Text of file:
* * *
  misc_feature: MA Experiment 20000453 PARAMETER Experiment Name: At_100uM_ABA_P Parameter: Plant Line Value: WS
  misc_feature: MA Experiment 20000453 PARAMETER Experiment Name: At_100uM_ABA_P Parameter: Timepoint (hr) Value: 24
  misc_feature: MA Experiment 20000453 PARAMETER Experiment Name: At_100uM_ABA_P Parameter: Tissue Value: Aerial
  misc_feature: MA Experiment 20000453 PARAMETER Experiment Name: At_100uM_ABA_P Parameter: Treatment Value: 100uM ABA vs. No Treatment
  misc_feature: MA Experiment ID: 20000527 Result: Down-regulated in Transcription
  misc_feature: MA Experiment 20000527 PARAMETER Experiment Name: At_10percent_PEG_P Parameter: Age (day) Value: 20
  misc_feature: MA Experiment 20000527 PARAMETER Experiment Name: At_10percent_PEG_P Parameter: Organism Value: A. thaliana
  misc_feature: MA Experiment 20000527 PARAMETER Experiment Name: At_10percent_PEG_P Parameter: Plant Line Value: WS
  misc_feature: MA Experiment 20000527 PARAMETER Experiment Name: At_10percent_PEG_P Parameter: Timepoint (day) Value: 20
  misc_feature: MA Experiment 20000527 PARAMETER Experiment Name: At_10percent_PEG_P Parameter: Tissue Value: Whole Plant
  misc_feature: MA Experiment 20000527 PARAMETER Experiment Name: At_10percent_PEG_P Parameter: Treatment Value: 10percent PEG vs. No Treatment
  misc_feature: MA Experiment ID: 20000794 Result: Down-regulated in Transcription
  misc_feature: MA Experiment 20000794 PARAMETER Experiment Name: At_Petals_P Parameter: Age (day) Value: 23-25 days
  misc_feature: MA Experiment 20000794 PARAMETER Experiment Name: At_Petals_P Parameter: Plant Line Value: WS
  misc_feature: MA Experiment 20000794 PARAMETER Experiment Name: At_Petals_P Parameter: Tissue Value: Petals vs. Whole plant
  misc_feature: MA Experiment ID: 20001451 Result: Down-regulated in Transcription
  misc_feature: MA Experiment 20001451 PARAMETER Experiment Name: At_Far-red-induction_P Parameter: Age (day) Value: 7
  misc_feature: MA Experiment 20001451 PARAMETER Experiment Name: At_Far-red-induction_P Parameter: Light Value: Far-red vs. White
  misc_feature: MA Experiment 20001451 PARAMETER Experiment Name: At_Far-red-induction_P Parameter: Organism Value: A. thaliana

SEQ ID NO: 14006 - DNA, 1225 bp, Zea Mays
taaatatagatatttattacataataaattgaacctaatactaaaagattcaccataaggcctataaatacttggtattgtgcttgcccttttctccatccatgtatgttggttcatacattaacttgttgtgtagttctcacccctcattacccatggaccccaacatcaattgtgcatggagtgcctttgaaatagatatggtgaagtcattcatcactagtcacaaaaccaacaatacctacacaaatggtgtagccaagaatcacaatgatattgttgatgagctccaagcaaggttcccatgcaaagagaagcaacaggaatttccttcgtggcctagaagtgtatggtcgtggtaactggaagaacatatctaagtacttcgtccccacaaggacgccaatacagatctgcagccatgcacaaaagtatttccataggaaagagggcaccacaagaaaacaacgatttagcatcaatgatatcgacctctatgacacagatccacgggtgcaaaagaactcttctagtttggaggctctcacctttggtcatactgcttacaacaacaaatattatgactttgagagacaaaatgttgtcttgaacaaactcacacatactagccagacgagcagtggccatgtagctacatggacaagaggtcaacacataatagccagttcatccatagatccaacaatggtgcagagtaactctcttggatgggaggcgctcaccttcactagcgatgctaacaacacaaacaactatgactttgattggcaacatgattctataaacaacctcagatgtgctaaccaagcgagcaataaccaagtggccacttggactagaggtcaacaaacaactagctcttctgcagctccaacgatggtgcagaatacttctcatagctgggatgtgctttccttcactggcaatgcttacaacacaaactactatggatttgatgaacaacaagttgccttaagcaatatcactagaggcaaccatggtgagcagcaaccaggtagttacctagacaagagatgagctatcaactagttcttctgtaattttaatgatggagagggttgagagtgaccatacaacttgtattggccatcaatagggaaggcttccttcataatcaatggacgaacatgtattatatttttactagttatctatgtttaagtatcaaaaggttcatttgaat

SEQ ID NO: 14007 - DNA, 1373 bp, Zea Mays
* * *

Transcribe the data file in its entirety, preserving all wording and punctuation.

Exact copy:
  misc_feature: MA Experiment 20000453 PARAMETER Experiment Name: At_100uM_ABA_P Parameter: Plant Line Value: WS
  misc_feature: MA Experiment 20000453 PARAMETER Experiment Name: At_100uM_ABA_P Parameter: Timepoint (hr) Value: 24
  misc_feature: MA Experiment 20000453 PARAMETER Experiment Name: At_100uM_ABA_P Parameter: Tissue Value: Aerial
  misc_feature: MA Experiment 20000453 PARAMETER Experiment Name: At_100uM_ABA_P Parameter: Treatment Value: 100uM ABA vs. No Treatment
  misc_feature: MA Experiment ID: 20000527 Result: Down-regulated in Transcription
  misc_feature: MA Experiment 20000527 PARAMETER Experiment Name: At_10percent_PEG_P Parameter: Age (day) Value: 20
  misc_feature: MA Experiment 20000527 PARAMETER Experiment Name: At_10percent_PEG_P Parameter: Organism Value: A. thaliana
  misc_feature: MA Experiment 20000527 PARAMETER Experiment Name: At_10percent_PEG_P Parameter: Plant Line Value: WS
  misc_feature: MA Experiment 20000527 PARAMETER Experiment Name: At_10percent_PEG_P Parameter: Timepoint (day) Value: 20
  misc_feature: MA Experiment 20000527 PARAMETER Experiment Name: At_10percent_PEG_P Parameter: Tissue Value: Whole Plant
  misc_feature: MA Experiment 20000527 PARAMETER Experiment Name: At_10percent_PEG_P Parameter: Treatment Value: 10percent PEG vs. No Treatment
  misc_feature: MA Experiment ID: 20000794 Result: Down-regulated in Transcription
  misc_feature: MA Experiment 20000794 PARAMETER Experiment Name: At_Petals_P Parameter: Age (day) Value: 23-25 days
  misc_feature: MA Experiment 20000794 PARAMETER Experiment Name: At_Petals_P Parameter: Plant Line Value: WS
  misc_feature: MA Experiment 20000794 PARAMETER Experiment Name: At_Petals_P Parameter: Tissue Value: Petals vs. Whole plant
  misc_feature: MA Experiment ID: 20001451 Result: Down-regulated in Transcription
  misc_feature: MA Experiment 20001451 PARAMETER Experiment Name: At_Far-red-induction_P Parameter: Age (day) Value: 7
  misc_feature: MA Experiment 20001451 PARAMETER Experiment Name: At_Far-red-induction_P Parameter: Light Value: Far-red vs. White
  misc_feature: MA Experiment 20001451 PARAMETER Experiment Name: At_Far-red-induction_P Parameter: Organism Value: A. thaliana

SEQ ID NO: 14006 - DNA, 1225 bp, Zea Mays
taaatatagatatttattacataataaattgaacctaatactaaaagattcaccataaggcctataaatacttggtattgtgcttgcccttttctccatccatgtatgttggttcatacattaacttgttgtgtagttctcacccctcattacccatggaccccaacatcaattgtgcatggagtgcctttgaaatagatatggtgaagtcattcatcactagtcacaaaaccaacaatacctacacaaatggtgtagccaagaatcacaatgatattgttgatgagctccaagcaaggttcccatgcaaagagaagcaacaggaatttccttcgtggcctagaagtgtatggtcgtggtaactggaagaacatatctaagtacttcgtccccacaaggacgccaatacagatctgcagccatgcacaaaagtatttccataggaaagagggcaccacaagaaaacaacgatttagcatcaatgatatcgacctctatgacacagatccacgggtgcaaaagaactcttctagtttggaggctctcacctttggtcatactgcttacaacaacaaatattatgactttgagagacaaaatgttgtcttgaacaaactcacacatactagccagacgagcagtggccatgtagctacatggacaagaggtcaacacataatagccagttcatccatagatccaacaatggtgcagagtaactctcttggatgggaggcgctcaccttcactagcgatgctaacaacacaaacaactatgactttgattggcaacatgattctataaacaacctcagatgtgctaaccaagcgagcaataaccaagtggccacttggactagaggtcaacaaacaactagctcttctgcagctccaacgatggtgcagaatacttctcatagctgggatgtgctttccttcactggcaatgcttacaacacaaactactatggatttgatgaacaacaagttgccttaagcaatatcactagaggcaaccatggtgagcagcaaccaggtagttacctagacaagagatgagctatcaactagttcttctgtaattttaatgatggagagggttgagagtgaccatacaacttgtattggccatcaatagggaaggcttccttcataatcaatggacgaacatgtattatatttttactagttatctatgtttaagtatcaaaaggttcatttgaat

SEQ ID NO: 14007 - DNA, 1373 bp, Zea Mays